Till When

Luis Rubio

The evidence of economic stagnation and social regression is overwhelming. Programs of social transfers to the president’s clienteles, although politically motivated, do not compensate for the impact of the pandemic nor for the lack of growth that Mexicans have experienced in these last years. It’s not as if things were perfect before and suddenly collapsed, but instead that Mexico has gone through a period of constant and systematic deterioration that is evident to everyone and, however, it seems that it is the world of Alice in Wonderland where everything is backwards. It is really?


“One of the saddest lessons of history, writes Carl Sagan,* is this: if we have been bamboozled long enough, we tend to reject any evidence of the bamboozle.  We’re no longer interested in finding out the truth. The bamboozle has captured us. It’s simply too painful to acknowledge, even to ourselves, that we’ve been taken. Once you give a charlatan power over you, you almost never get it back.”


A little while ago I read a new history of the German Occupation of France during the Second World War; the lasting image I took from this is of the deterioration that is evident, but frequently imperceptible even for experienced observers. The factors that permit some degree of well-being grind down, employment sources dry up, the salaries that the workers receive in fact diminish (and that without considering the purchasing power), the social milieu takes on an innuendo of naturality that is everything but natural. Corruption flourishes or, rather, stays on course in all ambits but now is perceived as understandable and is justified as if it were an inherent part of a purported transformation. The presence of the military in the streets and in charge of all sorts of projects, previously intolerable, abruptly acquires an elevated level of legitimacy, as if it were desirable. Parochial speeches in the highest forums of the international concert are extolled, even by observers in the know, as pieces of transcendental oratory, as if delivered by Demosthenes, Cicero or Churchill declaiming at moments fraught with extraordinary emergency. What had before been unacceptable -and that was, in Mexico’s case, in contrast with the example of France- what led to the election of a movement that yearned to attack those evils, became not only acceptable, but normal.


In a recent article in The Atlantic, Anne Applebaum says about the Taliban that their objective is not a prosperous Afghanistan, but instead of an Afghanistan in which they themselves are in power and she raises the obvious question: how is such impunity possible?  That is the question that we Mexicans must ask ourselves.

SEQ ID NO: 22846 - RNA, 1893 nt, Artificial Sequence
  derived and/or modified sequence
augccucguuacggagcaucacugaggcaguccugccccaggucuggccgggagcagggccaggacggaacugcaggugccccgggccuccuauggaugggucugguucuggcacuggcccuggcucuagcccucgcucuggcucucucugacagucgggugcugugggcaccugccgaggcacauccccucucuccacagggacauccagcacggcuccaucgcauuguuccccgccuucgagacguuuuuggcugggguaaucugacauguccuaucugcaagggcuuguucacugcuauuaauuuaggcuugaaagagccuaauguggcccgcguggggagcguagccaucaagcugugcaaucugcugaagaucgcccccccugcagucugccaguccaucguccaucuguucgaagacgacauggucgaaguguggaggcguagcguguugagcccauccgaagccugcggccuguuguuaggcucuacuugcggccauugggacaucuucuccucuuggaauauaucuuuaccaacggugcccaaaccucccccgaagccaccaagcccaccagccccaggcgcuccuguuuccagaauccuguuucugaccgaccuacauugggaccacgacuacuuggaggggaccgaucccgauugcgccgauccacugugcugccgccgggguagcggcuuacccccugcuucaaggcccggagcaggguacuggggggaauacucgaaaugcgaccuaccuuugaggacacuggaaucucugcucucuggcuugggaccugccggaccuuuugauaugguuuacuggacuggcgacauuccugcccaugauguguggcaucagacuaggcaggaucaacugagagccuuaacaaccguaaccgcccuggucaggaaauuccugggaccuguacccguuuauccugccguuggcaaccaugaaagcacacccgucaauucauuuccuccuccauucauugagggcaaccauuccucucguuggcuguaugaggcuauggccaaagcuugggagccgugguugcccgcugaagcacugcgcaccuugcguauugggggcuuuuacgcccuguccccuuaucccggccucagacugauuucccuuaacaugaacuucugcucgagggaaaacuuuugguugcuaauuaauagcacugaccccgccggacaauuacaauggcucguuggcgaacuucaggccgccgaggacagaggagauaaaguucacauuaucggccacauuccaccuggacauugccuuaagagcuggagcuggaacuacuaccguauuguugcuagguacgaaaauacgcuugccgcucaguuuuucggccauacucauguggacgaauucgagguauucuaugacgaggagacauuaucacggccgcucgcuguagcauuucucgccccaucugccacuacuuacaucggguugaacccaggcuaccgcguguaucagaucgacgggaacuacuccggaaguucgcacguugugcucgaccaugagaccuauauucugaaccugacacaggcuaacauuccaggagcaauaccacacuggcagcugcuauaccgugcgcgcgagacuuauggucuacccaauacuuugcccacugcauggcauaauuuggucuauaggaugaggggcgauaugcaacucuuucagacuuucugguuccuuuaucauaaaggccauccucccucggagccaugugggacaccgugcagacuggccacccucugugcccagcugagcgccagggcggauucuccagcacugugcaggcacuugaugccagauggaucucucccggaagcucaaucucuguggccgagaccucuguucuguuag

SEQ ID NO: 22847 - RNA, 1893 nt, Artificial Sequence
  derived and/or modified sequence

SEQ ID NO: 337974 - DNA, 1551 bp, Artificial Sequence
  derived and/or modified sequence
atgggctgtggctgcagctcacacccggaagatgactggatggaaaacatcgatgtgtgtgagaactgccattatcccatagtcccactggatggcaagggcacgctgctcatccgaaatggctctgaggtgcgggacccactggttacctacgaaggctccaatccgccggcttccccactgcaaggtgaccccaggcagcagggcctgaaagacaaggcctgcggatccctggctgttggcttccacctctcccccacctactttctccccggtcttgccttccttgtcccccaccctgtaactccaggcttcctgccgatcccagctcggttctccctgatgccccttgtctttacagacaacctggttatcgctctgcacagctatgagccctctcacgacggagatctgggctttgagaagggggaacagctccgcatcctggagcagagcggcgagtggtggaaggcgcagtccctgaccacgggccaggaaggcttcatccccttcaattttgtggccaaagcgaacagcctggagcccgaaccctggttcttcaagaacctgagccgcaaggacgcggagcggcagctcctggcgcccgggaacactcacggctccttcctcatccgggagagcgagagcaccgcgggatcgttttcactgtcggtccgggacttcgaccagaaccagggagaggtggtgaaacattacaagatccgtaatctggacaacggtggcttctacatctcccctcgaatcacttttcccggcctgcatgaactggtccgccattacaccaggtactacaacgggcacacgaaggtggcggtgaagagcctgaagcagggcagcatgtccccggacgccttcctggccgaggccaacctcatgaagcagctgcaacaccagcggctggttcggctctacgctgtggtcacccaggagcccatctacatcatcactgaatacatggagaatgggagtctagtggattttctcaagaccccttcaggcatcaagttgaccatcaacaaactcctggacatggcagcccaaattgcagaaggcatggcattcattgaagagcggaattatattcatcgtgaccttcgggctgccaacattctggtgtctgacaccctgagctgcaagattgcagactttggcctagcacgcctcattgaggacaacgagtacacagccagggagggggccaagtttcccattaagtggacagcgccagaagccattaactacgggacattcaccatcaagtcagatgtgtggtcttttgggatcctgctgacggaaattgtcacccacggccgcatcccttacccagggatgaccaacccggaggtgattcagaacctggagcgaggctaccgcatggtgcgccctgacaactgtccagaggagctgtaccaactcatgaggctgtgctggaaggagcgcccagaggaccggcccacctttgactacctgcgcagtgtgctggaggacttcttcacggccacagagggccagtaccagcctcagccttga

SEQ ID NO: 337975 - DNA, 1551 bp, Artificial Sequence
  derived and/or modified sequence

And that is the question that many formulated some months ago in the midterms, thus the urban defeat of Morena. It was that too which made an alliance among strange bedfellows and once competitors possible, even inevitable. It is clear to me that their legitimate objective, as with any political party in the world, is power, but the pragmatism that they have exhibited is not contemptible, in that it shows a capacity of response in the face of the deterioration that represents them, evidently, and opportunity.


Nothing is further from my spirit than defending the “old order” that Morena supposedly dismantled with the president’s rallying cry “we’re doing well.” Those who have done me the favor of reading me over the past decades know that I believe in a liberal order in the economic as well as in the political, but what Mexicans had before the election of Lopez Obrador fell far from that paradigm. The avowed objectives were of a liberal order, but the reality was a very far cry from that. Nonetheless Mexicans had at least, first, spaces of freedom that the current government erodes day to day and, second, the geographical half (more or less) of the country advanced systematically. None of that justifies the lack of opportunities that has characterized the inhabitants of the states of Chiapas, Oaxaca, and other Mexicans for centuries, but the present fancied success consists of everyone losing. The old and unequal order now continues being unequal, but worse. Some progress, that.


The face-to-face discourse of Mexico’s president before the U.S. President and the Prime Minister of Canada brings to mind a floating bubble cut off from the reality. Yes, the president of Mexico embraces the reality of the regional trade agreement (USMCA) and the U.S.-China moment, but that contradicts his initiatives for the interior (such as electricity and transparency), where he backs off minute by minute from matters of globality, a globality, it cannot be repeated enough, that constitutes, in the form of exports, the main source of growth and income that Mexico can rely on.


A government of lost opportunities, the greatest of which is that of not correcting, well, not even attempting to confront, the woes that ushered the present government to its 2018 electoral triumph. Like the Taliban, everything was about power, not about the true ills that afflict the country.


“The crucial fact, says Sowell, is that it is far easier to concentrate power than to concentrate knowledge.” Regarding the concentration of power, there is no doubt; nor is there any doubt with respect to the well-being or the quality of life of Mexicans. And even less so when one of the traits of our time is the destruction of the knowledge which allows for the ending of the impunity. The evidence is resounding; now the only thing lacking is the waning of self-deceit.


* Carl Sagan, The Demon-Haunted World: Science as a Candle in the Dark